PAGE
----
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I have a table, InnoDB, with columns id(int), name(varchar) and info(text). I need to search the name and info columns of the table using a given term and rank the matching records from high to low, according to the number of 'hits' in the two columns combined for each record.

I've trawled about but I've never ever done anything like this with MySQL before and find it all a little confusing... case and match etc. etc.

Can anyone offer some quick help?

This is as far as I've got:

SELECT count(*) as count
FROM artistmanager_artists WHERE
case when 'name' LIKE '%a%' then 1 else 0 end
+ case when 'info' LIKE '%a%' then 1 else 0 end

('a' being the search term)

Which returns one row and one column, 'count', with a value of three... which I'm guessing is because I've got three records in the table at the mo?

I've also found and tried this:

FROM `artistmanager_artists`
WHERE `name` LIKE '%a%'
   `info` LIKE '%a%'
      CASE WHEN `name` LIKE '%a%'
      THEN 1
      ELSE 0
  ) + (
     CASE WHEN `info` LIKE '%a%'
     THEN 1
     ELSE 0

This returned all but one record, in no obvious order, when I KNOW the record it didn't return contains a lot of 'a'!

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@RahulTripathi I've added what I've tried above. –  Helen Danger Burns Oct 31 '12 at 21:18

2 Answers 2

Thw following will rank rows by the number of columns (0 through 2) matching your term:

SELECT (name LIKE '%a%') + (info LIKE '%a%') AS rnk
FROM artistmanager_artists

This makes use of the fact that a boolean value, like the result of LIKE, is represented by an integer in MySQL, 0 for false and 1 for true. So you can simply add them, without any case distinction.

If you want to find multiple counts, you'll probably have to write a stored procedure that loops over your string, as there is no basic string function that counts matches. Unless the amount of data is really large, you might be better of by computing these counts in the application instead of on the database server.

Your first code snippet simply returns the number of rows that contain an a in either column. This is because COUNT is an aggregating column, which (in the absence of a GROUP BY) will combine all your rows into a single row. The second snippet will only choose rows which have a in both columns, so the ordering number will always be 2, causing the apparent lack of ordering.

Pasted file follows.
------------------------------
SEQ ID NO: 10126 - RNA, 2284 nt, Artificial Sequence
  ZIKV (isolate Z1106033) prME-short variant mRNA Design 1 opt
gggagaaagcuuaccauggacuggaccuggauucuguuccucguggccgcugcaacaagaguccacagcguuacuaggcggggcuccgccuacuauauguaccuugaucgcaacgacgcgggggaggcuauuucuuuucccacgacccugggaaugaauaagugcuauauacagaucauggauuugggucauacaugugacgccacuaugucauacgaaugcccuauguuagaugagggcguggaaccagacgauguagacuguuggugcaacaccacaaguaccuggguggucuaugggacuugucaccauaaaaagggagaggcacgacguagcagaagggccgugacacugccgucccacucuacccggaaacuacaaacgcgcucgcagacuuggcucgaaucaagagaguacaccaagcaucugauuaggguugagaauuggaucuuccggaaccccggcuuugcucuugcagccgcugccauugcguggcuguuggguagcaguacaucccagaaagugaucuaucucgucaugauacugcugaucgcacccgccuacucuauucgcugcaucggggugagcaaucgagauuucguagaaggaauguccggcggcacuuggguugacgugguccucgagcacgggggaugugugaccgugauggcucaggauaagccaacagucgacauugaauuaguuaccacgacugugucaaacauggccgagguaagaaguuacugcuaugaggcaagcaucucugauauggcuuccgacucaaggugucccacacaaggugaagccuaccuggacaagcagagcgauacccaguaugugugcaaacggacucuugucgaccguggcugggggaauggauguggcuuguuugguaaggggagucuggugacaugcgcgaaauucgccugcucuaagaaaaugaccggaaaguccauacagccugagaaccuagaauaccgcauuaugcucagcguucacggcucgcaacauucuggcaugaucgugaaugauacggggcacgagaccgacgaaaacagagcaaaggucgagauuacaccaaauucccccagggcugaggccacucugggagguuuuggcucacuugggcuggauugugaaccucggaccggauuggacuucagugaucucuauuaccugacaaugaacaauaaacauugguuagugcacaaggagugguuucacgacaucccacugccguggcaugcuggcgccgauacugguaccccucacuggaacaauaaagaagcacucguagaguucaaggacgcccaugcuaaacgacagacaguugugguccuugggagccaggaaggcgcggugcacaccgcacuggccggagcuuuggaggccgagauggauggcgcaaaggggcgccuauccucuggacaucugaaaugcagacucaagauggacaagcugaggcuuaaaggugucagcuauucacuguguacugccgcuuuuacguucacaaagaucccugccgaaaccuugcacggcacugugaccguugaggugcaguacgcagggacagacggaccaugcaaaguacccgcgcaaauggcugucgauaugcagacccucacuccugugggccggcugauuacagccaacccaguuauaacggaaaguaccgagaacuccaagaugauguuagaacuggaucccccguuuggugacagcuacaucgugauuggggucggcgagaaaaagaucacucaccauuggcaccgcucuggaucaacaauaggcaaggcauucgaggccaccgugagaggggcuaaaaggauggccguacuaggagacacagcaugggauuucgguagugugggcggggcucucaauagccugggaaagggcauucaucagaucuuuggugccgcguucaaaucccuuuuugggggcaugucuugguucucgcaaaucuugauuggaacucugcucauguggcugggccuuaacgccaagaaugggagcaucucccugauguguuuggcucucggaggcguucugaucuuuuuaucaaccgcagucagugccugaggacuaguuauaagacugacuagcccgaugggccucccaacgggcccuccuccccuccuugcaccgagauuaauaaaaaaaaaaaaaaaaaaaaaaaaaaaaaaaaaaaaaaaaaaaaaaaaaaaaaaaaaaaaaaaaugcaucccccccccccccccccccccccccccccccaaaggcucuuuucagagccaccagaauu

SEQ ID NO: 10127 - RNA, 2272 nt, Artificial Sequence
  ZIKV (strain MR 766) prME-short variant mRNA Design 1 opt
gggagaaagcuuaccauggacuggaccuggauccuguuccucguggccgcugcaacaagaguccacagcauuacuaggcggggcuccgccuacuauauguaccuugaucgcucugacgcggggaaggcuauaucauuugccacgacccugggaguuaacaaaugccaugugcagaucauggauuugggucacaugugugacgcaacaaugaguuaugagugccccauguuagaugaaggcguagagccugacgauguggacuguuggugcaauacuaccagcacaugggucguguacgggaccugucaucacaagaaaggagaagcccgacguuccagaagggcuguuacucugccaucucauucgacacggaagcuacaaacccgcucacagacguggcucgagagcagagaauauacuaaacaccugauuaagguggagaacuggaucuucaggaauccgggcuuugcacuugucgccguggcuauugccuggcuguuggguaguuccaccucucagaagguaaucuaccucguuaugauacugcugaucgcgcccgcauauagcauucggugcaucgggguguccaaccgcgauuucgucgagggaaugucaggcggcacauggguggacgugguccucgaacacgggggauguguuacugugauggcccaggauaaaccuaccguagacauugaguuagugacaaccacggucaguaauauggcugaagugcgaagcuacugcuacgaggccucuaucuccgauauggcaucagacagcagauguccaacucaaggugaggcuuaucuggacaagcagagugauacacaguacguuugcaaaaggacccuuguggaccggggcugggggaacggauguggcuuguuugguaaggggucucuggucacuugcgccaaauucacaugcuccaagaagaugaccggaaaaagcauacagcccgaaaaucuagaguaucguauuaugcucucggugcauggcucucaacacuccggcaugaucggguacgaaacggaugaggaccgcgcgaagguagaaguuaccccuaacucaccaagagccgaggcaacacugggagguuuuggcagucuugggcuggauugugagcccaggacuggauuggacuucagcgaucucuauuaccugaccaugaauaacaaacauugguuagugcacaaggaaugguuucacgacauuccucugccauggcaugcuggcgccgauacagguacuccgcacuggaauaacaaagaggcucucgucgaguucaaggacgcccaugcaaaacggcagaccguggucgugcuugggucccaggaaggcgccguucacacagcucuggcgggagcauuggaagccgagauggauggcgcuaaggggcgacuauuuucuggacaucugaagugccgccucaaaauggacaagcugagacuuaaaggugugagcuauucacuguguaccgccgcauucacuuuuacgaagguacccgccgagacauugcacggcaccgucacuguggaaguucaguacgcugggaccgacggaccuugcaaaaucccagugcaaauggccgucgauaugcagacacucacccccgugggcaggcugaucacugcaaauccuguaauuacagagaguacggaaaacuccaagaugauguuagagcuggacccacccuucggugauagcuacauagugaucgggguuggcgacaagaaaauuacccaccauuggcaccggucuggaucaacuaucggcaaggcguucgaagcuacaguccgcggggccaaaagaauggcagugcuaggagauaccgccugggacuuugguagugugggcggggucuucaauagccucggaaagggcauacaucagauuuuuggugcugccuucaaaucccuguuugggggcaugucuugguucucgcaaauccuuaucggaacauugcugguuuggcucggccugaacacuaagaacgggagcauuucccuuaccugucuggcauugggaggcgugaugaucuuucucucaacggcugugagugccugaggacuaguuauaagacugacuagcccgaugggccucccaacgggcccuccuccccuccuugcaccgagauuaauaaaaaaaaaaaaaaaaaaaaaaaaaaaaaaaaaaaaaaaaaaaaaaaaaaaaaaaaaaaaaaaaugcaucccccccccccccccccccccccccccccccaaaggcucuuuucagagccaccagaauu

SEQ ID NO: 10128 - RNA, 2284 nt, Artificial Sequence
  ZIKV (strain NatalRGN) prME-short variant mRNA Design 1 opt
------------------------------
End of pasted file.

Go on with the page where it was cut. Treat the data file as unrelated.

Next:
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Thanks for this, it works but only up to a maximum of 2, as in the number of columns, out of the 2, that contain matches, as you said. Can you give me any pointers on the stored procedure route or how I might do this with php to acheieve the desired result as this is what I'm after. Thanks. –  Helen Danger Burns Nov 1 '12 at 8:30
up vote 1 down vote accepted

I have done it! Thanks to @MvG for the inspiration. Since I'm much better with my PHP than I am my MySQL I solved the problem by doing the following: (I'm using Codeignite btw)

public function get_artists_search($search_term)
    $artists = array();
    $query = $this->db->query('SELECT id, name, info, (name LIKE "%' . $search_term . '%") + (info LIKE "%' . $search_term . '%") AS rnk FROM artistmanager_artists ORDER BY rnk DESC');
    foreach ($query->result() as $row)
        // returned rows have at least one occurence in at least one of the two columns, so values are 1 or 2
        $artists[$row->id]['name'] = $row->name;
        $artists[$row->id]['info'] = $row->info;
        $artists[$row->id]['score'] = 0;
    // now foreach returned row find occurence values.
    foreach($artists AS $key=>$artist)
        $score_name = substr_count(strtoupper($artist['name']), strtoupper($search_term));
        $score_info = substr_count(strtoupper($artist['info']), strtoupper($search_term));
        $artists[$key]['score'] = $score_name+$score_info;

Which returns an array with the ids of the records as key and a rank value, sorted high to low. I tested it and it works so I'm chuffed.

Thanks to all for help with the lateral thinking!

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